Finance SmackDown: CFO vs. CPA

How to make sure YOU win the match

Your CPA and your CFO may be telling you two different things and believe it or not, both may be true.

As a CFO, your finance professional, I am trying to maximize your profits.

Your CPA, your tax professional, wants to minimize your tax liability because the more you make, the more you pay.

Even though it might seem like we have opposite goals, we both want what’s best for you. The secret to success is combining the advice to your best business benefit.

Here’s an example. In going through your P&L, I’m going to look at every single line item you are spending money on.

  • Me: “I didn’t know you had an office”
  • You: “Yeah, it’s a coworking space, but I never use it, everyone is remote now”
  • Me: “Great, let’s kill it!”

You reduced your expenses by getting rid of the co-working rent. Now you’re making more money, YAY!  But you’re also increasing your tax liability, BOO! So, what’s a business owner to do??? 

Your CPA can still deduct certain home-office expenses to mitigate your tax liability, so while our endgame is the same, our approaches are different. What happens, though, when we give you opposite advice? Whom do you listen to? (Me, obviously =)

I have a new client whose CPA advised her to take a pretty significant salary at the end of last year. My client is entitled, and required to, take a “reasonable” salary. Sounds great, right? Except she doesn’t have the cash to pay herself.

The CPA looks at things and advises clients based on tax guidelines and what is “allowed.” They follow certain rules and advise you on the maximum tax deductions based on those rules. But this approach doesn’t always align with what’s actually going on in the company.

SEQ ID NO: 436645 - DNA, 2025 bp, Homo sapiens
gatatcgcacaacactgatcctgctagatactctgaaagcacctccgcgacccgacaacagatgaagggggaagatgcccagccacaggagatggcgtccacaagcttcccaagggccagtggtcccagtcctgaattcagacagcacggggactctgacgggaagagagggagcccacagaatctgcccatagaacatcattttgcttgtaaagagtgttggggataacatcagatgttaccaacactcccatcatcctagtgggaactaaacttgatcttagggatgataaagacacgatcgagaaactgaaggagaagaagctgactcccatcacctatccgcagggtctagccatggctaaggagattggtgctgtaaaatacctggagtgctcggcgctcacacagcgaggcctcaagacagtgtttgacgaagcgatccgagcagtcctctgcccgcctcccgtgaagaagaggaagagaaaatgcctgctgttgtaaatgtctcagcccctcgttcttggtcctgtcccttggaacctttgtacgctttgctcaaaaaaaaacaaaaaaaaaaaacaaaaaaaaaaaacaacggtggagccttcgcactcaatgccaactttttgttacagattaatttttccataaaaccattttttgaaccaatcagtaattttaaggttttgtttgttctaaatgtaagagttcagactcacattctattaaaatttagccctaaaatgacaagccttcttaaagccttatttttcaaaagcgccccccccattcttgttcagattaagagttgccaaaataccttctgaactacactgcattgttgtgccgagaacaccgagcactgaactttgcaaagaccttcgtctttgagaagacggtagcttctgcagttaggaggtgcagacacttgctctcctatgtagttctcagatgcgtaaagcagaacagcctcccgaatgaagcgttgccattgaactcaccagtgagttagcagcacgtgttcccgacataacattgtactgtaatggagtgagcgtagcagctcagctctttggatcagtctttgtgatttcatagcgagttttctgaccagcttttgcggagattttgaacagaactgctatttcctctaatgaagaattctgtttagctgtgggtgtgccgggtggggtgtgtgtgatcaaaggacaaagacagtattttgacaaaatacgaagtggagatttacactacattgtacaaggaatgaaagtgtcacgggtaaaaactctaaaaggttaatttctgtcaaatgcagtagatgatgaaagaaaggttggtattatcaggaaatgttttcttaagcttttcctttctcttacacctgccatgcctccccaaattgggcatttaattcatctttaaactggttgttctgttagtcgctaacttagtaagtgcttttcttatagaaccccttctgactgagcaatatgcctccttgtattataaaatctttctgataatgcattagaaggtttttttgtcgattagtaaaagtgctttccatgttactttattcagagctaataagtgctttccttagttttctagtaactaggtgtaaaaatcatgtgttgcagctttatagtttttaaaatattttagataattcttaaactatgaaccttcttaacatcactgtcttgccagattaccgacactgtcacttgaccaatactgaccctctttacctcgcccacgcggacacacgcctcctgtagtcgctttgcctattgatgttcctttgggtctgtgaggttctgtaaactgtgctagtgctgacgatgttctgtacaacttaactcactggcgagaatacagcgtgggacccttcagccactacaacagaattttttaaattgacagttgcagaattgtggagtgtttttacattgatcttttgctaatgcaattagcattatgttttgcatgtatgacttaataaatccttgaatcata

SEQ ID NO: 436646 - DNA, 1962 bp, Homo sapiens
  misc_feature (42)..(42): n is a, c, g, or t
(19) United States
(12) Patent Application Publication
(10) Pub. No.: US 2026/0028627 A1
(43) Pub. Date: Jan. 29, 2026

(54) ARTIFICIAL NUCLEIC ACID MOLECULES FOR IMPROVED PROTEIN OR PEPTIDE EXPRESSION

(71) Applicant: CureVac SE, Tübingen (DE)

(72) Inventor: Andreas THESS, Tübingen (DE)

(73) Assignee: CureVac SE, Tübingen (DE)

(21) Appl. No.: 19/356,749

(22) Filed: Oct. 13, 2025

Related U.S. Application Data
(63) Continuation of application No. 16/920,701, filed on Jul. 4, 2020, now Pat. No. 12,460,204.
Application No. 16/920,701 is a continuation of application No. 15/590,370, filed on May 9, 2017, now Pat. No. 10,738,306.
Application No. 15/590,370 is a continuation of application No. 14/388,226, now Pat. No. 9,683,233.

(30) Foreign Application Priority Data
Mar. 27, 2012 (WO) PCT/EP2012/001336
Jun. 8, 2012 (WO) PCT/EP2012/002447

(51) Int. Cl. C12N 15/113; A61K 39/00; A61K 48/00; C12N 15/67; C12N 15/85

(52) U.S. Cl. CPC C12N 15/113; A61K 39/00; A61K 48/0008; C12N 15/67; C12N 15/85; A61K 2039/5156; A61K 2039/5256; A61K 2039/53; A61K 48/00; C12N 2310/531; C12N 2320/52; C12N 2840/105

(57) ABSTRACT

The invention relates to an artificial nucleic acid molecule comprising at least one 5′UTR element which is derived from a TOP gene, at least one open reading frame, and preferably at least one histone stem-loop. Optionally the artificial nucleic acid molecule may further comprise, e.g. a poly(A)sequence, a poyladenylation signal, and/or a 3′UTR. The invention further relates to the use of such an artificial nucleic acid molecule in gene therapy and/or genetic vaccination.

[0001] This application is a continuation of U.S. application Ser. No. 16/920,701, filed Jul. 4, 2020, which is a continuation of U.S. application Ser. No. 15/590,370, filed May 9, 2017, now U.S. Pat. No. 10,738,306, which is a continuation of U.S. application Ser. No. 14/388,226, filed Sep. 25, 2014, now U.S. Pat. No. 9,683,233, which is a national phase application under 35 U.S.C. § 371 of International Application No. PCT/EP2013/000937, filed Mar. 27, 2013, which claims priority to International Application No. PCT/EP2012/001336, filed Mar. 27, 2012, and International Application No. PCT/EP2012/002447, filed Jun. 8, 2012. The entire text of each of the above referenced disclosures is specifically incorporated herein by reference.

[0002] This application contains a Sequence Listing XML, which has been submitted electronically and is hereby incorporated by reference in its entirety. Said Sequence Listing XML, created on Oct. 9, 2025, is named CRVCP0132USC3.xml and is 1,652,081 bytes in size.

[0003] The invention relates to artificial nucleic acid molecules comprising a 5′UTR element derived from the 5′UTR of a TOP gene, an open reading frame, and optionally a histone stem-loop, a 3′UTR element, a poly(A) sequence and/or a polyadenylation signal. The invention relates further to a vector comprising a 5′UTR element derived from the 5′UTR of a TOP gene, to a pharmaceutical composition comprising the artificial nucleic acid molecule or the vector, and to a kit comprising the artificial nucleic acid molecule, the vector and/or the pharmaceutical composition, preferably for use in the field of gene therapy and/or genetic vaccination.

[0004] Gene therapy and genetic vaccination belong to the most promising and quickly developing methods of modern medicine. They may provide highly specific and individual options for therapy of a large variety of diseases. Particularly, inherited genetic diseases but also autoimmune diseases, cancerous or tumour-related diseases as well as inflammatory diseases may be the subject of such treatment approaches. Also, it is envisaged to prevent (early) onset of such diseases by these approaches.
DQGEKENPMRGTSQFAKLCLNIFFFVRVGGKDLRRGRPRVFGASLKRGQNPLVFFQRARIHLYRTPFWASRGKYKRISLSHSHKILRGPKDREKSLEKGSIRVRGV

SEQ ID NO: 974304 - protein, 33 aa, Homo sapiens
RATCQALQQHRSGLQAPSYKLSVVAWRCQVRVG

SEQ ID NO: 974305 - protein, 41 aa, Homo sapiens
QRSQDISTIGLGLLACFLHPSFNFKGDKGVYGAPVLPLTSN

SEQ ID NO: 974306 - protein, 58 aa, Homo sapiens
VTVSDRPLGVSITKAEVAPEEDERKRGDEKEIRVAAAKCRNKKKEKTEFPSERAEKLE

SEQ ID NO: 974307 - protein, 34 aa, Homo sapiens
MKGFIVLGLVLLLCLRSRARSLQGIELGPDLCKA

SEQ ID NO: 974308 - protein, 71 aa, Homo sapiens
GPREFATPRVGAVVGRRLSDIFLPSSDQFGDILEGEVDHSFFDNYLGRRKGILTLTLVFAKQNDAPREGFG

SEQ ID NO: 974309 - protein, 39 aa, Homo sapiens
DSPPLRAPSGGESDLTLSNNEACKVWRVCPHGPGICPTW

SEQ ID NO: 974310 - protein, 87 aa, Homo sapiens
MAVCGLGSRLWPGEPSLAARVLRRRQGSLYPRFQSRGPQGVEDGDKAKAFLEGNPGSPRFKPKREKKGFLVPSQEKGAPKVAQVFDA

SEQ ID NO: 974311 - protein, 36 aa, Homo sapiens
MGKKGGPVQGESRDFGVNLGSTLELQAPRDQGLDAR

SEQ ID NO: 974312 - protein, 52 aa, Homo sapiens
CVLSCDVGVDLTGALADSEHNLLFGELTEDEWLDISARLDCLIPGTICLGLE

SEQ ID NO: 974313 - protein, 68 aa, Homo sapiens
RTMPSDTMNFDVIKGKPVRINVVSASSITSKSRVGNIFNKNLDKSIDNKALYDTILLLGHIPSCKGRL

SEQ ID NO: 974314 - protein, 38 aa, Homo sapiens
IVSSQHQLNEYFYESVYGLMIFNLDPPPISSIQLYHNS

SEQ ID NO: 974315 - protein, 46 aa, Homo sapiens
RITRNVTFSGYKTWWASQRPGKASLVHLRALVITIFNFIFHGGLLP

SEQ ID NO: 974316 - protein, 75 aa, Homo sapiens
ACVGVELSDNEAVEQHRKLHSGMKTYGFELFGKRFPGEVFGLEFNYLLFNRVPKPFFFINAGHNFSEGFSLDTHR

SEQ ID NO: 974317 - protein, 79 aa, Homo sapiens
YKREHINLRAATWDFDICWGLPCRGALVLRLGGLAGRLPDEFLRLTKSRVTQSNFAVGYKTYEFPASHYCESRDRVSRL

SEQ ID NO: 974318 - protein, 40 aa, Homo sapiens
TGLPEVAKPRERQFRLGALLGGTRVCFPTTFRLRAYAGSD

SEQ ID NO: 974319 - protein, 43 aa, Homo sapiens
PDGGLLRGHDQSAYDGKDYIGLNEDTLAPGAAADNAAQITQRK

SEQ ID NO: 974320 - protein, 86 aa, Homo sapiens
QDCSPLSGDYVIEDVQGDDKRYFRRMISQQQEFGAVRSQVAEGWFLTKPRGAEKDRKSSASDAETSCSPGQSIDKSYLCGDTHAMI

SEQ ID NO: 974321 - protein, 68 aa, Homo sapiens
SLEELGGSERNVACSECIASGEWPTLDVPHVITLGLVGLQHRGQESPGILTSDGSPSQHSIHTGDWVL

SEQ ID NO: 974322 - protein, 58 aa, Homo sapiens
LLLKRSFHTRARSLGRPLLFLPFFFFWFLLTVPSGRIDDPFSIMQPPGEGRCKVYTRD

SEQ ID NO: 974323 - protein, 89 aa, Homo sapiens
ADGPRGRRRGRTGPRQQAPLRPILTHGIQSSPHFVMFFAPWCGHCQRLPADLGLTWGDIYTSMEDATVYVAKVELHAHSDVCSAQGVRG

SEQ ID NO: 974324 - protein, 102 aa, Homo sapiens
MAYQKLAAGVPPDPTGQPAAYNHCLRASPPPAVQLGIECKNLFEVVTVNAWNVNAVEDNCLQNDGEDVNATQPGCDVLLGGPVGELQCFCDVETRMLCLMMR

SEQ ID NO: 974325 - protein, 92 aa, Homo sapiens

Don’t get me wrong, the client should have the money to pay herself, but she doesn’t. Which is why she hired me. Next year, when her CPA tells her to take a big salary, she’ll be able to do it because we’re instituting a more aggressive cash management strategy for 2023.

My WWE title reference notwithstanding, it’s not a fight between your finance and tax pros, it’s a delicate dance. A successful business needs a great CPA and a great CFO.

And just in case you’re nervous about having to run back and forth among your service providers to determine whose advice is “best,” relax. To mix sports metaphors, (is WWE really a sport?) I will quarterback your financial team, speaking directly with your CPA and/or your bookkeeper to help determine the best course of action for you and your business. We’ll wrestle, we’ll dance, we’ll throw the ball around— whatever it takes to ensure you “insert sports metaphor here”.

Still confused? Your next play is to contact me.

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